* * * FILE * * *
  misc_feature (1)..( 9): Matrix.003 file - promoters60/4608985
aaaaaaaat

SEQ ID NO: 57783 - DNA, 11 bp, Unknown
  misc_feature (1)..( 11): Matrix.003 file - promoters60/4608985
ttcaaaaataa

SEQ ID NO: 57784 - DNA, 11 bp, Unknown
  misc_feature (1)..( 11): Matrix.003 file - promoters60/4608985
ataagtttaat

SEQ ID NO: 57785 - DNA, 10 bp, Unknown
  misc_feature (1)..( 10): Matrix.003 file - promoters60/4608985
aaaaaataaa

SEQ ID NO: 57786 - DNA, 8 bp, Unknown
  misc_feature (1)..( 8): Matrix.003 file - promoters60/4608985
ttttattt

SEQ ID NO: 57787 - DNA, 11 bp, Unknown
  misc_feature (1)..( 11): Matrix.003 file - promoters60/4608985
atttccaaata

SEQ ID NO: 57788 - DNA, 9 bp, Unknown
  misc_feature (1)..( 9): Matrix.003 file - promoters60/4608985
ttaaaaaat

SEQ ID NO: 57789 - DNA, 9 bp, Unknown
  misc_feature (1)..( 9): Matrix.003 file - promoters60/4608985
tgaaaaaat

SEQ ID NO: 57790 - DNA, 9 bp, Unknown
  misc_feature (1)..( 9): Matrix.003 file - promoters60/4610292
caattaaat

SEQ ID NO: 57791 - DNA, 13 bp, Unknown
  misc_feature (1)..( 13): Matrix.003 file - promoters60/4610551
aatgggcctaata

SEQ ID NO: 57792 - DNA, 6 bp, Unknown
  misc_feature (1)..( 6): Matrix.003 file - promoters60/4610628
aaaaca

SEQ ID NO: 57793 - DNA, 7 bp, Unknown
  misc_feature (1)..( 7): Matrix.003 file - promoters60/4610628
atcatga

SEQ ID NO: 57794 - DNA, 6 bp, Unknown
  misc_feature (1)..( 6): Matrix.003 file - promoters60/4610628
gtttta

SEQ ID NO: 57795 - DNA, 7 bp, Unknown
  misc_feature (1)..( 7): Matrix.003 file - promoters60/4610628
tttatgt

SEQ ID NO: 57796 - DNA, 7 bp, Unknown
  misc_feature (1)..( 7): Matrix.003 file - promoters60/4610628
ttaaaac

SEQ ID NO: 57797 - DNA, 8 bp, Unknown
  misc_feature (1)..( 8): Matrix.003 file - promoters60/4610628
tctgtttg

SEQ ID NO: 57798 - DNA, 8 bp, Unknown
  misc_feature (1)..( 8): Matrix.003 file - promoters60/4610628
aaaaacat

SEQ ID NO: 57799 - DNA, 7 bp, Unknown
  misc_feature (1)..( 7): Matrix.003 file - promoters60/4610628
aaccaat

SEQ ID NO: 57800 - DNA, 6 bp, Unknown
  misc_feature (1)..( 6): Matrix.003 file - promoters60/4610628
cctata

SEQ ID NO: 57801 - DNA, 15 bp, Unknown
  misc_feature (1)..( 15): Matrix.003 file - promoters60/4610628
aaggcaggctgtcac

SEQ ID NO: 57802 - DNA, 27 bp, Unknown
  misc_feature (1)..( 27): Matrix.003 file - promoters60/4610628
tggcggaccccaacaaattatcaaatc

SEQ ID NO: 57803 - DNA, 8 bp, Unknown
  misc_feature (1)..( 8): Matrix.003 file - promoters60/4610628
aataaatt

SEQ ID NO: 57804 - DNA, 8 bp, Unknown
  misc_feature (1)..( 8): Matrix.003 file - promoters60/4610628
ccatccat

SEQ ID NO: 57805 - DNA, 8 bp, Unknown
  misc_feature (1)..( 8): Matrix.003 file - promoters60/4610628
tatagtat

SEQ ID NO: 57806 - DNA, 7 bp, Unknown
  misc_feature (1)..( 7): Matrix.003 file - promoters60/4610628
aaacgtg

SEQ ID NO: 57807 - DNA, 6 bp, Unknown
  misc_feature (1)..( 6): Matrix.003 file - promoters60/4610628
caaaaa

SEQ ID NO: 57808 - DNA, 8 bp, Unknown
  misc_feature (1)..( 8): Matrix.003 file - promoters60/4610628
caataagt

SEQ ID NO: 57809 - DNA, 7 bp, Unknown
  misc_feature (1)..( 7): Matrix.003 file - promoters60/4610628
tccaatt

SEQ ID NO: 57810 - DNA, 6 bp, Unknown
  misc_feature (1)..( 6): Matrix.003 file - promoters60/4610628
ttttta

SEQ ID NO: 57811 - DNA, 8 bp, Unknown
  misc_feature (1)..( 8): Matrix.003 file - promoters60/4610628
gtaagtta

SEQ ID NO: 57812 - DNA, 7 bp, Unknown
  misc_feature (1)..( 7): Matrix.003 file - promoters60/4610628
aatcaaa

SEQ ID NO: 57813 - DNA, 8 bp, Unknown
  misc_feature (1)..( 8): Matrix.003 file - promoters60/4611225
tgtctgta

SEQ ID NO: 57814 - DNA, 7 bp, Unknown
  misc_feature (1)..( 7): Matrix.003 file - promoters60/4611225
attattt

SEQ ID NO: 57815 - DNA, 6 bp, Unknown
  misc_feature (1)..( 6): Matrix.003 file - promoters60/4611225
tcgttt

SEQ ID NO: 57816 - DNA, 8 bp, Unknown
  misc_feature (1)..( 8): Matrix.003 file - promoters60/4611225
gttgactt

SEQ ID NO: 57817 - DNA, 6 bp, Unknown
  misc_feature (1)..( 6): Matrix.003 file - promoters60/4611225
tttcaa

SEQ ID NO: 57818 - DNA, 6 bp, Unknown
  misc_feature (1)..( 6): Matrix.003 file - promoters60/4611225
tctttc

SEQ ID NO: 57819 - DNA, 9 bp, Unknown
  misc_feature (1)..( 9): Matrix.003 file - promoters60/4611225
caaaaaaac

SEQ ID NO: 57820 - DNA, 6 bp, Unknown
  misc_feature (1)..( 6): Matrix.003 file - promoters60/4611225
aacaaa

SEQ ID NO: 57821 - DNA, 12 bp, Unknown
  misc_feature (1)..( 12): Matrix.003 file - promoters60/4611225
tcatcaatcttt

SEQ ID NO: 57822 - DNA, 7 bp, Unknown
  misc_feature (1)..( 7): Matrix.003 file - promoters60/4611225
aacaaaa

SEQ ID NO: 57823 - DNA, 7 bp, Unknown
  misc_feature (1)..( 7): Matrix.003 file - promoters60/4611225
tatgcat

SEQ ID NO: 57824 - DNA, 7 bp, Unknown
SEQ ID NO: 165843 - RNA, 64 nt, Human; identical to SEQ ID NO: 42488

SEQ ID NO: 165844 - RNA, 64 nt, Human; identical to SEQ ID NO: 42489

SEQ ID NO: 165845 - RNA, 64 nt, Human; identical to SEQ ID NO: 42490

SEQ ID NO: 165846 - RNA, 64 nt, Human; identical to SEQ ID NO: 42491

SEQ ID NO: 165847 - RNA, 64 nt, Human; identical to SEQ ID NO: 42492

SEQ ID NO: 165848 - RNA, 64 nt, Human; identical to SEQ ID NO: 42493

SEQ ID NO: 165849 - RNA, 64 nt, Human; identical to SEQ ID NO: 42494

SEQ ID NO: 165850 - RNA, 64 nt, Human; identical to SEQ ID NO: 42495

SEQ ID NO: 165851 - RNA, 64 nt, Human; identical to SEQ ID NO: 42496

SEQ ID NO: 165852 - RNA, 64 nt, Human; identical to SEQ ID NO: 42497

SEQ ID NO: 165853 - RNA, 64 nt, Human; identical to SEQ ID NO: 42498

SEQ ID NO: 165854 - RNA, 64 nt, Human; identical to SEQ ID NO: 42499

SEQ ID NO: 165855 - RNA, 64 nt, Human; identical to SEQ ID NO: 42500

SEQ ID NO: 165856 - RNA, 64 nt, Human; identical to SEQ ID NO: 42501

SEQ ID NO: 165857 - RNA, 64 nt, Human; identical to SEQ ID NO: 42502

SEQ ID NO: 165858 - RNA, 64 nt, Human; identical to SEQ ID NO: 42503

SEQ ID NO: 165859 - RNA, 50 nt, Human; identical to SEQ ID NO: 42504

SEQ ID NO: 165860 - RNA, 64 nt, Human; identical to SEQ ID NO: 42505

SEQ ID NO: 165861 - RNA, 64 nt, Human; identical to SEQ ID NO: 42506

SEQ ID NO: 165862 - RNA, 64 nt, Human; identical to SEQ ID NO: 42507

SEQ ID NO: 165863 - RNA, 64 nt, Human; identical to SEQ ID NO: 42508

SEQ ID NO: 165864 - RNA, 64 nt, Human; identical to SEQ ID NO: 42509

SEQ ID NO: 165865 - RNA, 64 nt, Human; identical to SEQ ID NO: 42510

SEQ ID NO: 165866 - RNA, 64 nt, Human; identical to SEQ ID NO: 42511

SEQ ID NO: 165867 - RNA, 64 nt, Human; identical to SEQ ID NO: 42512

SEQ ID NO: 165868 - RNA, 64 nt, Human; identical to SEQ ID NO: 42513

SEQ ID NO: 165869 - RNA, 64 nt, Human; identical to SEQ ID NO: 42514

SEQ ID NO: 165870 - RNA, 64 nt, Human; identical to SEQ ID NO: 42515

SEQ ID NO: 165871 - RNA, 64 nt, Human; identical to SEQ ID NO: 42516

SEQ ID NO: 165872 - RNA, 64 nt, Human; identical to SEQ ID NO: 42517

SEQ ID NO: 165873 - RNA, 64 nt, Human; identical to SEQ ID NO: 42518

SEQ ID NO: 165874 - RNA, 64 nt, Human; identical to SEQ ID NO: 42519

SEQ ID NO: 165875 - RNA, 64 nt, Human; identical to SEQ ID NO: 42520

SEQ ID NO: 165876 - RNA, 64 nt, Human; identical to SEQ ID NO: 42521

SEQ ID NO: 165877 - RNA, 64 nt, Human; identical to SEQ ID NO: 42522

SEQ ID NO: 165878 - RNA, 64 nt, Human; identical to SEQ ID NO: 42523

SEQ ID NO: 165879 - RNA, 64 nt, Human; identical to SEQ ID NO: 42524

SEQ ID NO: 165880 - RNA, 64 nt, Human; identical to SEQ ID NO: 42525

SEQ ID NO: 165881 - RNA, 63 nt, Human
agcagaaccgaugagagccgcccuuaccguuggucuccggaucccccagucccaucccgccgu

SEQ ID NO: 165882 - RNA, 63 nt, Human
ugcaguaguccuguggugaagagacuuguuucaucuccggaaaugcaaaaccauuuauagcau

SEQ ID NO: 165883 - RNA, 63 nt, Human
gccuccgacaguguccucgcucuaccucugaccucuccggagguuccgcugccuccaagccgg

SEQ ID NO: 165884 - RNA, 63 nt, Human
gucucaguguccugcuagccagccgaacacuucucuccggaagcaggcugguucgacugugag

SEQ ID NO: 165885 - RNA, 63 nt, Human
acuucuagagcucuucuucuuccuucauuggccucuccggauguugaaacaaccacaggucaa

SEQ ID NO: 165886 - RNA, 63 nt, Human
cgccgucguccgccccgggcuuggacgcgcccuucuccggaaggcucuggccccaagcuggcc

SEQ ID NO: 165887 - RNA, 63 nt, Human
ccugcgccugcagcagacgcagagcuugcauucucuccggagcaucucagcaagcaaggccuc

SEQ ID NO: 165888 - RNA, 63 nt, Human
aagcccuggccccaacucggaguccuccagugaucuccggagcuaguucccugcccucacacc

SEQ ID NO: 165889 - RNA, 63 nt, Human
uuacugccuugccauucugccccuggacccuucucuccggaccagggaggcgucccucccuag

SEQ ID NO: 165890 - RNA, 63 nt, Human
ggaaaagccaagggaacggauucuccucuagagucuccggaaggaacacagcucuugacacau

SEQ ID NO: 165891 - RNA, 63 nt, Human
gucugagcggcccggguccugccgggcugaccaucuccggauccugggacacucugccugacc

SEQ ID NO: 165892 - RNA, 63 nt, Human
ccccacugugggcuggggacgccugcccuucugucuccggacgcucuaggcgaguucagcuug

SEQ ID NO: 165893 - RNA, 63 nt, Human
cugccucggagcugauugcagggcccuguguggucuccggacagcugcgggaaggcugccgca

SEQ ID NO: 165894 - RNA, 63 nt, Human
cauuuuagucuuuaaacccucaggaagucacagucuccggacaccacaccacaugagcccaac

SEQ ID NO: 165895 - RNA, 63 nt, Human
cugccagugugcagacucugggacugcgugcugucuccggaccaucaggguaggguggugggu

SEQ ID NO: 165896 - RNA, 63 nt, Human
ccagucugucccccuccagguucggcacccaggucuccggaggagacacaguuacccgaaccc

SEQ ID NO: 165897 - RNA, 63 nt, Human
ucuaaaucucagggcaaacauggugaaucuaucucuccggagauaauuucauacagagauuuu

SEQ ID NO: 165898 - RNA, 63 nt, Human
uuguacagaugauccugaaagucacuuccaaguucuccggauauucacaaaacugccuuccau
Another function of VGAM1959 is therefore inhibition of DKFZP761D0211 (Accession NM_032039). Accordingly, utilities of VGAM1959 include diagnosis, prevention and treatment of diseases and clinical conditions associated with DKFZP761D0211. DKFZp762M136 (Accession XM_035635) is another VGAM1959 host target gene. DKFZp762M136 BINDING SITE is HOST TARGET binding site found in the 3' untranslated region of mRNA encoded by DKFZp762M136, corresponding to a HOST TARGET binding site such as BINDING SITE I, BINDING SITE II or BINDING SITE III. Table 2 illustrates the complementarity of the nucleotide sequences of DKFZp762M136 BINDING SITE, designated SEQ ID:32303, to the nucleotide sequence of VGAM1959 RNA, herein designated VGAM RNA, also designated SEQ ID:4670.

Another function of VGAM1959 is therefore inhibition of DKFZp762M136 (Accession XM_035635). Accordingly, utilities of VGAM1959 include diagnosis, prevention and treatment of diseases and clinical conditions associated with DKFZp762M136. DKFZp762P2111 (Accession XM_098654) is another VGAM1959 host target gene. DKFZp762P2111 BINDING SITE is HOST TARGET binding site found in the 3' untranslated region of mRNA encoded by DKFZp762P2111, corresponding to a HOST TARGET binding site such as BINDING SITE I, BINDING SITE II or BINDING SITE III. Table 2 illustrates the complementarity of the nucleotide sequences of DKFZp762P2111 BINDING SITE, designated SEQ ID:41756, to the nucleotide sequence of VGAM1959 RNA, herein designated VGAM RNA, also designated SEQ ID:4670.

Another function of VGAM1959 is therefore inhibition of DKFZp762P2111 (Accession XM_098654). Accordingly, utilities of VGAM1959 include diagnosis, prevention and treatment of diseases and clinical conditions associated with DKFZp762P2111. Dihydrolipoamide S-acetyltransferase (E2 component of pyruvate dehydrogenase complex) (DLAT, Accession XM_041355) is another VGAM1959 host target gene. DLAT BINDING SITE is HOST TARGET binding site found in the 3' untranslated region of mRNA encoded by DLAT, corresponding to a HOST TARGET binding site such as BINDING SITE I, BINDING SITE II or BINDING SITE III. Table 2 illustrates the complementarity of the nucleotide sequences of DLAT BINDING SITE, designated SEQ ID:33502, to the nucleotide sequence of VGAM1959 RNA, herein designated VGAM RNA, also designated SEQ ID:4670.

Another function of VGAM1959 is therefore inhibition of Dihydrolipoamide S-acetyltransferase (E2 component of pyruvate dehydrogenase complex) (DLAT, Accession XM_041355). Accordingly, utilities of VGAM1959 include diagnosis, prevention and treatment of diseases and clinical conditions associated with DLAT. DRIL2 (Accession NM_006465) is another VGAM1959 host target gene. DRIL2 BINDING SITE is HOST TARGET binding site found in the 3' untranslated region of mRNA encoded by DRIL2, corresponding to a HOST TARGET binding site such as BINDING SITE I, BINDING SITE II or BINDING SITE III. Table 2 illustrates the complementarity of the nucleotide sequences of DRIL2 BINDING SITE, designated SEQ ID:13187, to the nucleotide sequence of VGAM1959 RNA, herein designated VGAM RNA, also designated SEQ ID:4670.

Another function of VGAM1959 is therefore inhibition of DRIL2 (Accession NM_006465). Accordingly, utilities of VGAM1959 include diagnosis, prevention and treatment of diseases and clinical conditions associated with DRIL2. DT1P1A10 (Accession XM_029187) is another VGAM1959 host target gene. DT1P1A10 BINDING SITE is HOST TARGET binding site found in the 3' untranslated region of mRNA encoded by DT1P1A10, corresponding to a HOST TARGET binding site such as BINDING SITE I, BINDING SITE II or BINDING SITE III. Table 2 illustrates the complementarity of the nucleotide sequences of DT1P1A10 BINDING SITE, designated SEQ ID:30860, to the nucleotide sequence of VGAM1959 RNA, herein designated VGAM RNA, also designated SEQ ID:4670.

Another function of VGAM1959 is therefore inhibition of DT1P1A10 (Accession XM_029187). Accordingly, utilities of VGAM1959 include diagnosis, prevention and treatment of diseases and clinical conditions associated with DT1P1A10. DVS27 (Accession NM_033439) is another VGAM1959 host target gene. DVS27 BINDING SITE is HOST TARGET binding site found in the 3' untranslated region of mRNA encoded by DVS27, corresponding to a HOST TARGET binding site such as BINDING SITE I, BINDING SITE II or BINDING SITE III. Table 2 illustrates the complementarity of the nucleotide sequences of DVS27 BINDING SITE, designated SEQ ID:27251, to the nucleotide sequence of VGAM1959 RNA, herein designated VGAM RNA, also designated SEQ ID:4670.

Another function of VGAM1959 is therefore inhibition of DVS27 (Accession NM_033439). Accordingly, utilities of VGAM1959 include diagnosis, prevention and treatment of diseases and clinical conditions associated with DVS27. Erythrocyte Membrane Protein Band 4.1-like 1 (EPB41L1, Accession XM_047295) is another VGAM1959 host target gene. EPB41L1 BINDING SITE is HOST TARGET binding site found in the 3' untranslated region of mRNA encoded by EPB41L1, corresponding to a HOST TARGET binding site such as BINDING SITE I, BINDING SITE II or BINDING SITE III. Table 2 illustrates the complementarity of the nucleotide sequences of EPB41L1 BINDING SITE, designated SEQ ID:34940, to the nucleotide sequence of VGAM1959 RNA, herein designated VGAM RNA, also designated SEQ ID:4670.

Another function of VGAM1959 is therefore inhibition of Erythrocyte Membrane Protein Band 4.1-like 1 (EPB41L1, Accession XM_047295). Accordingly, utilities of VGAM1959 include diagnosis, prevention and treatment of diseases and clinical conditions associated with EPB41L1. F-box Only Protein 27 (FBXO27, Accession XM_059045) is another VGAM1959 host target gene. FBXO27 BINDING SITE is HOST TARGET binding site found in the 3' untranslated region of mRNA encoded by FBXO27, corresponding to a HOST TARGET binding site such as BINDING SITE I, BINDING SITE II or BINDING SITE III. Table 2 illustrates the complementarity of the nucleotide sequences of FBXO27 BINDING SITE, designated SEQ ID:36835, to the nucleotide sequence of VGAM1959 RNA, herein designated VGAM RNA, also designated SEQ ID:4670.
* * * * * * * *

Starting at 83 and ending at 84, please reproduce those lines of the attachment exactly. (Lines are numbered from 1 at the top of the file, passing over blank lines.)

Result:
tccaatt

SEQ ID NO: 57810 - DNA, 6 bp, Unknown